So it’s been a few weeks since Tick Tack has come out now, the game has been doing reasonably well. It might not be obvious to those playing the game (I hope it’s not!), but unlike recent titles we’ve released recently, Tick Tack was actually ported to a new game engine. I wanted to talk a little bit about why this happened, and my experience in porting the game. Also check out the end of the post for the game guide/walkthrough.
There’s a variety of reasons why porting a game to a new game engine may be necessary. The usual culprit are from problems in the original game engine, often resulting from the processing of language. Games written for the Japanese market often use features or functionality that don’t work on systems without Unicode or Asian language support, and our customers expect a working product out of the box. Fixing these issues can be problematic, companies in this market are often very short on manpower and contract out a lot of the required work, so are unable to dedicate resources to fix these issues. It’s possible even that they license the game engine from another company and have no direct control over the code itself. We’ve even encountered instances where licensing fees for the game engine alone are too high to release a product.
Whatever the case, the solution is often to rewrite the game from scratch, porting the game to a new game engine that will meet the needs of English market users. Mangagamer has actually done this several times in the past, with Kara no Shoujo, the Da Capo series, Suika, and the Higurashi games. While I’ve been involved in helping bring several titles to release for Mangagamer, Tick Tack represents a first time where I was required to perform a complete port of the original game.
Building a complete product from the ground up is quite unlike anything I’ve done before. You have all the pieces of a working game laid out in front of you, and a huge stack of sketchy directions on how to fit all the pieces together. The trick is the directions don’t necessarily work on the engine you’re porting to, and require a lot of elbow grease to get it to work the way you’d expect it to.
The engine we used is called Kirikiri (or krkr for short), an open source freely available visual novel game engine. The engine is used in a lot of commercial titles, ranging from the softhouse seal titles we release, all the way up to big players like Fate Stay/Night. It’s one of the go-to engines for it’s robust capabilities and flexibility.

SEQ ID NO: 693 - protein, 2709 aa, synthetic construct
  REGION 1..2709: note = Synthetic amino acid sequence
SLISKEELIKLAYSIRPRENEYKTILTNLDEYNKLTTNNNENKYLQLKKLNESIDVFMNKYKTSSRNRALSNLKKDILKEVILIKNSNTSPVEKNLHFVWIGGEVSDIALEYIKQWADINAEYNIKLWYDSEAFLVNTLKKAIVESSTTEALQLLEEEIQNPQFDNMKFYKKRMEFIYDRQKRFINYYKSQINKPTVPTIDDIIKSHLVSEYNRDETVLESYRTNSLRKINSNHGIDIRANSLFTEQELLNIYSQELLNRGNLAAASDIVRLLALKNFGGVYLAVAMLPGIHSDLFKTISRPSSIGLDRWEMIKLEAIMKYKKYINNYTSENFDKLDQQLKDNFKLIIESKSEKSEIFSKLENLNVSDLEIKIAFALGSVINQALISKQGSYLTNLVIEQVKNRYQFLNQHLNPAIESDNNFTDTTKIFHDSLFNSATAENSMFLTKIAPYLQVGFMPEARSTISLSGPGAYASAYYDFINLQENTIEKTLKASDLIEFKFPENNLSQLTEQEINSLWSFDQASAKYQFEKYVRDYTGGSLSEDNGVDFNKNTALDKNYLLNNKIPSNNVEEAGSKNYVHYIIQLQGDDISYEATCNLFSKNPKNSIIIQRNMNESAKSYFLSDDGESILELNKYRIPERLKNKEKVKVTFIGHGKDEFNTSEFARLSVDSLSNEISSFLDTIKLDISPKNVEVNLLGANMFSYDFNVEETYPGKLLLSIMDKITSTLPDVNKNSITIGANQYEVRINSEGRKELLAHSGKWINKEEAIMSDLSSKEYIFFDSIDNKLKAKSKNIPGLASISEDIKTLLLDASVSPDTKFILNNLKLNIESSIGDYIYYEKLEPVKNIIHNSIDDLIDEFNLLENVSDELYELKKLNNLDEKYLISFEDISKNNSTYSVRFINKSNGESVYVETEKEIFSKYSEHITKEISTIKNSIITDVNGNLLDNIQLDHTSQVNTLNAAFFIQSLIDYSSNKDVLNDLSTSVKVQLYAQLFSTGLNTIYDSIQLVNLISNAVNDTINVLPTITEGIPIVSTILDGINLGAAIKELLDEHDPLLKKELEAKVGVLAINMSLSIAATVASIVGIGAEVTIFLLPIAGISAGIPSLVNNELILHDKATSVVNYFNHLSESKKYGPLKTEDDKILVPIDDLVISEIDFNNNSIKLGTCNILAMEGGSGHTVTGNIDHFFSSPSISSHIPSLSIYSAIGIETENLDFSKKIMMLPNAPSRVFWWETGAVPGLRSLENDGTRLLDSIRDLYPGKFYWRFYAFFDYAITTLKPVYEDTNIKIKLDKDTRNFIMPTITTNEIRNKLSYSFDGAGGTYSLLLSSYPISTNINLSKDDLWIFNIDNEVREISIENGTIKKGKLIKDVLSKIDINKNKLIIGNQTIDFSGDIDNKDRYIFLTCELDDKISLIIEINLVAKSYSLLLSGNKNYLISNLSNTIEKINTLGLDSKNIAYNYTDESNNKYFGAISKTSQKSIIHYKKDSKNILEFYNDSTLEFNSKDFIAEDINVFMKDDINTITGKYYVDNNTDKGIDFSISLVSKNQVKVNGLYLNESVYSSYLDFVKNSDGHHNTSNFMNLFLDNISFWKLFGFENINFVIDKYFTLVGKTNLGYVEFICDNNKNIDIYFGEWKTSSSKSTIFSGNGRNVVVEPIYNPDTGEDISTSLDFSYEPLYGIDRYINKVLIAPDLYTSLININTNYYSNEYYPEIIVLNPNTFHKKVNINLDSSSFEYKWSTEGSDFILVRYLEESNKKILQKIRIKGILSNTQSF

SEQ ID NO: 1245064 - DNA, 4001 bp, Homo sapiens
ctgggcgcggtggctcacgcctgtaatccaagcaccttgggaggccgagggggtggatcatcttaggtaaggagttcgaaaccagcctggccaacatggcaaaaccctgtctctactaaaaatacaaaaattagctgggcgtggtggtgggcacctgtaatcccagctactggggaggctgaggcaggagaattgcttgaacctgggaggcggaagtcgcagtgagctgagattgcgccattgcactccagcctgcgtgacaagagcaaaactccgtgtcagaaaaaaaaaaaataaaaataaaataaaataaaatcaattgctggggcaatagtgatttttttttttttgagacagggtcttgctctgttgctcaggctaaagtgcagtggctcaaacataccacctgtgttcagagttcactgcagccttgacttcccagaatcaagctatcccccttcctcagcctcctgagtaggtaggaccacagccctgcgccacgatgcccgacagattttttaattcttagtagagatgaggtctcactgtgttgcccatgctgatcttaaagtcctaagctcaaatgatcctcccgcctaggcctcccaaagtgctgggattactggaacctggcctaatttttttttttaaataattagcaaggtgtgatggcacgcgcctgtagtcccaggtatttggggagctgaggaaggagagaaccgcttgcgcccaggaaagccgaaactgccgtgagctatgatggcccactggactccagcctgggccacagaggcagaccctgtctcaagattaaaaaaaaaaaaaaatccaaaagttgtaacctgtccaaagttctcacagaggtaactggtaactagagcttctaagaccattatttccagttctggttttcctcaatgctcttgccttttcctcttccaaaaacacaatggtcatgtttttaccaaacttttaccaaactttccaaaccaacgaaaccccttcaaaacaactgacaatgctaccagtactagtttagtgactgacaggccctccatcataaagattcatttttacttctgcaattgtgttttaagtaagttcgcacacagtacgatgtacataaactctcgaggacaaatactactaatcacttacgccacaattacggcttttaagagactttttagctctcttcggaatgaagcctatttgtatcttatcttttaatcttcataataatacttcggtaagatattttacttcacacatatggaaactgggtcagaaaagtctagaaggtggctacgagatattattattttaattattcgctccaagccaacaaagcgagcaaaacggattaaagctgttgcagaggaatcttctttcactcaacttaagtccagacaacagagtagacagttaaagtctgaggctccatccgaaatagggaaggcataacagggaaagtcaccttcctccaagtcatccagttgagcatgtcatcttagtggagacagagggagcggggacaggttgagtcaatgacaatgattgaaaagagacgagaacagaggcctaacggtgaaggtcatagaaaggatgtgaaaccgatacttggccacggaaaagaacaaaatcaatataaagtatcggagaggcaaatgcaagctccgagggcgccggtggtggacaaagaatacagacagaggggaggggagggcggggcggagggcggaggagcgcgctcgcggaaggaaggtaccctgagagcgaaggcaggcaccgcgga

Bringing Tick Tack over to the Kirikiri engine was a fairly complex task. First, the in game interfaces and systems were coded by hand, attempting to keep everything as close as possible to the original game. This means every little thing, to the positioning and ordering of the characters, the behavior and timing of screen transitions, how buttons and the user interface react to the player, etc. Once all the facilities are in place, the original game scripts can be run through a converter that we built to re-write the script into KAG compatible commands. The scripts are then manually touched up to fix small problems that occur. When everything works, the game runs indistinguishably from the original.
Porting a game does offer some unique advantages. While the majority of the work is done to ensure the game plays as close to the original as possible, it does let us actually improve on some aspects that felt rough in the original. Of course we didn’t make any changes to the core gameplay, but work was put into making the user interface and menus flow a little nicer, using transitions and fades where elements would normally just instantly pop-in and pop-out. Small tweaks were made all around. The only other somewhat interesting change is I’ve modified the pre-requisites to unlocking the Bust Gallery (a character paper-doll viewer) down from 100% completion to only requiring one complete playthrough, and simply hiding the characters you shouldn’t yet see. Building the screen took some time and it would be a shame if only a few people could mess around with it!
In the end, I think the final result was good, it looks and feels like a solid product. I hope everyone that’s played it has enjoyed the work we put into bringing it to you guys!
While working on Tick? Tack!, I required a way to verify that I was putting in all the route and scene requirements in the right order, so I created a guide for me and our play-testers to reference. Below is a download link for those that want to take a look at it. If you are only interested in a 100% clear walk-through rather than a guide, I’ve translated one of the Japanese walkthroughs for the game as well.
Don’t forget to grab the Tick Tack Patch 1.11 if you haven’t already!